There are no products in your shopping cart.
This blog talks about cervical screening (smear tests) after the menopause, whether natural or triggered by treatment for cervical cancer.
If you’ve had cervical cancer treatment and are currently going through the menopause or are post-menopausal, you may be having a different kind of test known as a vault smear. This blog post may be useful for you, but you may also need further support from your healthcare team.
The menopause, whether natural or triggered by treatment, can be difficult both physically and mentally. This is true no matter what age it happens. One thing which can become harder is cervical screening. We hear from lots of women who find that the menopause makes screening feel like a different experience to tests before it started, so if you feel this way, you’re not alone.
When you go into the menopause, your body loses female sex hormones, oestrogen and progesterone, which are needed for things like periods and pregnancy. These hormones also help to lubricate your vagina and keep the tissue that makes up the vaginal walls stretchy.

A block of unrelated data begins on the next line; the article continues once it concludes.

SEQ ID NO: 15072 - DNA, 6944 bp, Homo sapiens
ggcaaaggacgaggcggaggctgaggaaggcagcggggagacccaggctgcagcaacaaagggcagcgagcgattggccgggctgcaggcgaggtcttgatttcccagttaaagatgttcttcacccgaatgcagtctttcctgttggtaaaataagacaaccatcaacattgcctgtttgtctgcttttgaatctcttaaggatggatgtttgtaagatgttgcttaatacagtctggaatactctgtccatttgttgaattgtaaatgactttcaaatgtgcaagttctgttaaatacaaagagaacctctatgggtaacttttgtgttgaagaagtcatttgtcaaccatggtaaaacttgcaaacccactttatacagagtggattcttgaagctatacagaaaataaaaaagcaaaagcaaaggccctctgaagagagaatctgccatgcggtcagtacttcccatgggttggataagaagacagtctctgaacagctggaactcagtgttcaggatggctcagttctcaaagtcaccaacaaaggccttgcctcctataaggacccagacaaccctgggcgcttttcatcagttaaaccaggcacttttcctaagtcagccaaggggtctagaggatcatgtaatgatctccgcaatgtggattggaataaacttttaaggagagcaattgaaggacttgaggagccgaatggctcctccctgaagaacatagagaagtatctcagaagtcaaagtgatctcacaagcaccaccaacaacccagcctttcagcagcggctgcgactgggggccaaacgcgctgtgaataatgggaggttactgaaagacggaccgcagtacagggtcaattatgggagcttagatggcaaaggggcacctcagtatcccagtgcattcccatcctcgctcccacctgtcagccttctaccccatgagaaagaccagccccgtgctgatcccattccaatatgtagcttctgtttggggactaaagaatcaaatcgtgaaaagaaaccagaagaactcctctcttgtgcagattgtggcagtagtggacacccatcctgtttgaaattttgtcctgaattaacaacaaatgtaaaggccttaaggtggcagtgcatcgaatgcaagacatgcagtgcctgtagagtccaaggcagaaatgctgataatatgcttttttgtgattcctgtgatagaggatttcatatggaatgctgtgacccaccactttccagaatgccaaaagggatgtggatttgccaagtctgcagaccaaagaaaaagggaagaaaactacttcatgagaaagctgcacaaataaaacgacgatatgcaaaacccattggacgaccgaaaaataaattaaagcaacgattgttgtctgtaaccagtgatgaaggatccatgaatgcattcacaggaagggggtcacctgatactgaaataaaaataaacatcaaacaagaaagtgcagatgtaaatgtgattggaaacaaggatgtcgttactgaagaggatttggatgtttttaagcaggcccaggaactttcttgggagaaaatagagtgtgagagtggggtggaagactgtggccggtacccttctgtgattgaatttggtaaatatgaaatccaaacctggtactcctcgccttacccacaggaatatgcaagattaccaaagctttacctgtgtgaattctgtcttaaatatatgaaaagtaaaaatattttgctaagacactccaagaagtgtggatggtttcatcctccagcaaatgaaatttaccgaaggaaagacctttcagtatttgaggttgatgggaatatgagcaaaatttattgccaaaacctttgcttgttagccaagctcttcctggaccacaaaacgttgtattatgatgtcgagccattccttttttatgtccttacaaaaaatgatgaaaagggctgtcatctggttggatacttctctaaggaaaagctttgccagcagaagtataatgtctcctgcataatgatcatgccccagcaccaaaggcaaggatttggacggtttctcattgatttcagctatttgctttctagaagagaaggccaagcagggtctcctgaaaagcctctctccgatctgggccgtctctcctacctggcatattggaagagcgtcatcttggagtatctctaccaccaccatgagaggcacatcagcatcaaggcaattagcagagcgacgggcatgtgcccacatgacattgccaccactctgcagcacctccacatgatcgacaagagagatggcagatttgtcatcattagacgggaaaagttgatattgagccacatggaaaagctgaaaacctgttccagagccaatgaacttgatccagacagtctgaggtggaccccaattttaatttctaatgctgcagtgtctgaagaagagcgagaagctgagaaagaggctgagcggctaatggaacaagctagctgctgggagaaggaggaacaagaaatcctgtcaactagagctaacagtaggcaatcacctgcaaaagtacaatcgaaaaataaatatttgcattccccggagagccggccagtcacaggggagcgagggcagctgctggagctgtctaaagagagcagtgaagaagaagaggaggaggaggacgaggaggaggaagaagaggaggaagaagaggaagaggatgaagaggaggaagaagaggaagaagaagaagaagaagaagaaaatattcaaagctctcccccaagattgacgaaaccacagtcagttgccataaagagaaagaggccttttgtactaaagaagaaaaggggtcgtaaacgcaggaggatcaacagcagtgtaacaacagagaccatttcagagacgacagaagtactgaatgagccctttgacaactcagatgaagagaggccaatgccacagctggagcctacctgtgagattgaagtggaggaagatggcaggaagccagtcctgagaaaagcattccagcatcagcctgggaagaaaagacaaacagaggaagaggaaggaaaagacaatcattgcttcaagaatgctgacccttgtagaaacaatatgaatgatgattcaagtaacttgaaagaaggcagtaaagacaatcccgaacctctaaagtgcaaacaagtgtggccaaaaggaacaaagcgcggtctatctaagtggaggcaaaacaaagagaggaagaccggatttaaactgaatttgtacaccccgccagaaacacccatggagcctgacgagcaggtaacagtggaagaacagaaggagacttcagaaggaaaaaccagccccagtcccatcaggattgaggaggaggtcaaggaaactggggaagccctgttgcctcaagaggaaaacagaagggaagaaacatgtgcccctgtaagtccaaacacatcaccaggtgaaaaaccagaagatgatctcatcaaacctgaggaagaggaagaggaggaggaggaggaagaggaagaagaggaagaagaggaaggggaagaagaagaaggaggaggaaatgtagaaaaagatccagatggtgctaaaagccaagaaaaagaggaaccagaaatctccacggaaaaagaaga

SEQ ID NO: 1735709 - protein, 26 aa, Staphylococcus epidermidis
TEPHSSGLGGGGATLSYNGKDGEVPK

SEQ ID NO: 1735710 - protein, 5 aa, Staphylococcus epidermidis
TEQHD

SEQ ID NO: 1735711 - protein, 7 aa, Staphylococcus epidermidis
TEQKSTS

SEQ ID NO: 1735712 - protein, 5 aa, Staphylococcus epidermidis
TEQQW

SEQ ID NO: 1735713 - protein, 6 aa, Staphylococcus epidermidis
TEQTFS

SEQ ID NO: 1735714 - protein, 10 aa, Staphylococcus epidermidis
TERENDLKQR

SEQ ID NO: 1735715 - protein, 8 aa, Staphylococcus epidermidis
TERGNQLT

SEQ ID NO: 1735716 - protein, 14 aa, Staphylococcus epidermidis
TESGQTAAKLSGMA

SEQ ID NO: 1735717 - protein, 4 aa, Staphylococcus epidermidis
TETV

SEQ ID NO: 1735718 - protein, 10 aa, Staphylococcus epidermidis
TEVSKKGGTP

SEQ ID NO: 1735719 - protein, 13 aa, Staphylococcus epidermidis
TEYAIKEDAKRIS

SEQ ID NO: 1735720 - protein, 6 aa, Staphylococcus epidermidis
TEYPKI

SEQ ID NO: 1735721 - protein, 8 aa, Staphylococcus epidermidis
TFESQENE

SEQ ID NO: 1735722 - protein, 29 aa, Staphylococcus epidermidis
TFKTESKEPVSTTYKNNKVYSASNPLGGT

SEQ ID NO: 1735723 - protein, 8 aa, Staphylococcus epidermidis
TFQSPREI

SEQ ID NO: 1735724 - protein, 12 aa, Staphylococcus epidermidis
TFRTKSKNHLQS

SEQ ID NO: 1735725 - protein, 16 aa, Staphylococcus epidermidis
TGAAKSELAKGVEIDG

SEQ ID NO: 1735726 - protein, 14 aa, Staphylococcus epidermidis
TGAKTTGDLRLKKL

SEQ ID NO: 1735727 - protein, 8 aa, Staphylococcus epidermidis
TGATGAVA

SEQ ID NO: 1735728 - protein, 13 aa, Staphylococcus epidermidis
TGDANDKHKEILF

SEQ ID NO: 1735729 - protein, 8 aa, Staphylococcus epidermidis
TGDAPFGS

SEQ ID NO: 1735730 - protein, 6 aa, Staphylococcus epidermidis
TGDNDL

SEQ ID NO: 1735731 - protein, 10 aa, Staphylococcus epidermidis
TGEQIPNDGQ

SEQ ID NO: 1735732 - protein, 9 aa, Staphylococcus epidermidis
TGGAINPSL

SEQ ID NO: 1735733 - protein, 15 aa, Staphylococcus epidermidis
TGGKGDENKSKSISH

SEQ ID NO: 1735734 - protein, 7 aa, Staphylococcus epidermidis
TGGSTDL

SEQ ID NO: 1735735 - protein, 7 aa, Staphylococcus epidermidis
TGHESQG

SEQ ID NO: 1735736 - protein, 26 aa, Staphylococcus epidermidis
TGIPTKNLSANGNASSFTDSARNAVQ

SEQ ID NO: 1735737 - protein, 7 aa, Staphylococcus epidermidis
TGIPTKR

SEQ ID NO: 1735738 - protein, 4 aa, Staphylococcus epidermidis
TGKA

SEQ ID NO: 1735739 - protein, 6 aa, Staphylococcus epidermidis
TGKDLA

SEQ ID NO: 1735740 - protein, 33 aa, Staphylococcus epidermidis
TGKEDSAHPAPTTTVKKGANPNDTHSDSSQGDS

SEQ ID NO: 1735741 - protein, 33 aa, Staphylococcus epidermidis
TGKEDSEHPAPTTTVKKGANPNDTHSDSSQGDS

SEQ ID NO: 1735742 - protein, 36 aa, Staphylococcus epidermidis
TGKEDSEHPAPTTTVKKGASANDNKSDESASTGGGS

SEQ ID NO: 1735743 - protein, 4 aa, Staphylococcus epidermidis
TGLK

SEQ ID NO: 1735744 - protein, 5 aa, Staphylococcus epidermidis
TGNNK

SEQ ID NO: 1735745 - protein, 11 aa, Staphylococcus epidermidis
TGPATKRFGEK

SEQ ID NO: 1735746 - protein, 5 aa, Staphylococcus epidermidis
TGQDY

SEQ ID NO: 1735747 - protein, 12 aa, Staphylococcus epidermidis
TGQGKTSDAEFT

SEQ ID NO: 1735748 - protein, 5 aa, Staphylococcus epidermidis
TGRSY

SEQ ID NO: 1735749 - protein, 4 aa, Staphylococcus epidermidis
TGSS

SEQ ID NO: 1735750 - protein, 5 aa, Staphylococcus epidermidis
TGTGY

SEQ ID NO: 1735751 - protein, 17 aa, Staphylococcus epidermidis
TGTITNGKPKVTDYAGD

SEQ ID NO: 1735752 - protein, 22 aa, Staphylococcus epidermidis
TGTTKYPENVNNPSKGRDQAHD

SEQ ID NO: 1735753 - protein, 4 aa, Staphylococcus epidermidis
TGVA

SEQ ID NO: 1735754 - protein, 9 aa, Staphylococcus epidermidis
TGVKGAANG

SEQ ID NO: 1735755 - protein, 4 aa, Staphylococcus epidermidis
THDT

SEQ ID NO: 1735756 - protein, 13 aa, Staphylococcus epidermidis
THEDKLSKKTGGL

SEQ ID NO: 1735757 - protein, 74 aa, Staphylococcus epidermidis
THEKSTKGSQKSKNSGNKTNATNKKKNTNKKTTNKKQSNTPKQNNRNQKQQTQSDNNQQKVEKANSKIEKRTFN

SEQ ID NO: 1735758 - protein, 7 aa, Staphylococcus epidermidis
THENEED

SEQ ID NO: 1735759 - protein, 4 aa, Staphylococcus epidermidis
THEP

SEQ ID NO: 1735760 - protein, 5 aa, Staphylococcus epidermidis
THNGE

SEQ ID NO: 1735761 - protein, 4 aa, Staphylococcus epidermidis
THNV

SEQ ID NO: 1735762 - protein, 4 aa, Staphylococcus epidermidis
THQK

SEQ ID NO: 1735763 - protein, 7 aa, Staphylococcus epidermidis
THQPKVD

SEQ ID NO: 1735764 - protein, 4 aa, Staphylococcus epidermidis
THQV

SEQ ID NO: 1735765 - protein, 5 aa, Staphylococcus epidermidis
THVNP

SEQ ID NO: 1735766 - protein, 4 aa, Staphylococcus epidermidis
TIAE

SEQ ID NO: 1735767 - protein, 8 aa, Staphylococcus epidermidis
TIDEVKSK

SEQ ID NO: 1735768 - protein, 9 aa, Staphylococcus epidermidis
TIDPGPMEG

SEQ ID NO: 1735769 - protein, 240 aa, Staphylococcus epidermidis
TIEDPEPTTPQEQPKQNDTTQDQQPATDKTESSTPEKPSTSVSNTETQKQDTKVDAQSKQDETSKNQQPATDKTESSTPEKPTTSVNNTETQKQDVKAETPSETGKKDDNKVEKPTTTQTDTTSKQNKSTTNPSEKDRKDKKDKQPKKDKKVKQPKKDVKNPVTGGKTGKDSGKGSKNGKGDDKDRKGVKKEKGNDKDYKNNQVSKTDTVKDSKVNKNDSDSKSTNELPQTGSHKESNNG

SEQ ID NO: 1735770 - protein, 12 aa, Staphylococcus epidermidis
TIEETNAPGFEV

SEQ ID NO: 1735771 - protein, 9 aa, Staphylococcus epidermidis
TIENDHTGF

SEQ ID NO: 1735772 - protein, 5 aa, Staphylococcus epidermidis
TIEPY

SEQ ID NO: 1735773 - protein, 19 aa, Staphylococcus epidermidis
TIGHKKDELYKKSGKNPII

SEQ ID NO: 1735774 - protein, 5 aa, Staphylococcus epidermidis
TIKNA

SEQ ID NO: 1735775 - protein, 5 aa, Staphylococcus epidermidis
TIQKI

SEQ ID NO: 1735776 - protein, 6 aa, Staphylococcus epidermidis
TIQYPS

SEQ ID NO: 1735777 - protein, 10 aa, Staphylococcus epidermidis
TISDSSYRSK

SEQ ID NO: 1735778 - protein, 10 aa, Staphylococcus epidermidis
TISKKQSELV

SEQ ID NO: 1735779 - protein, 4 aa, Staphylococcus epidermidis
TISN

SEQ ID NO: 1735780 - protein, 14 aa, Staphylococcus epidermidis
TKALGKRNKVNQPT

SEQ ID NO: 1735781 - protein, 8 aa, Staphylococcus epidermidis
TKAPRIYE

As these hormones decrease, your vagina may become drier and less stretchy, so when you try to put something like a speculum, used during cervical screening, into your vagina, it may be uncomfortable or even painful. But, thankfully, it’s often easy to treat – here are some of our top tips:
As well as vaginal dryness, the menopause can have other symptoms that may make cervical screening more difficult for you. Symptoms like mood changes – perhaps feeling more anxious or low – can make it hard to book and attend an appointment, while regular hot flushes may make you worry about managing one if it happens during the test. While none of these symptoms are pleasant, there are ways to deal with them and don’t forget there are lots of other women going through exactly the same thing so you are not alone in your experience.
We know that cervical screening may also be difficult for reasons not related to the menopause, so here are some tips that might help:
Read more about making cervical screening more comfortable >
Provides support to women, along with their families and partners, who have been diagnosed with premature ovarian insufficiency.
The woman’s arm of the British Menopause Society (BMS). Provide information and support about the menopause, including benefits and risks.
Has an information hub about women’s health covering the menopause and beyond.
Categories: cervical screening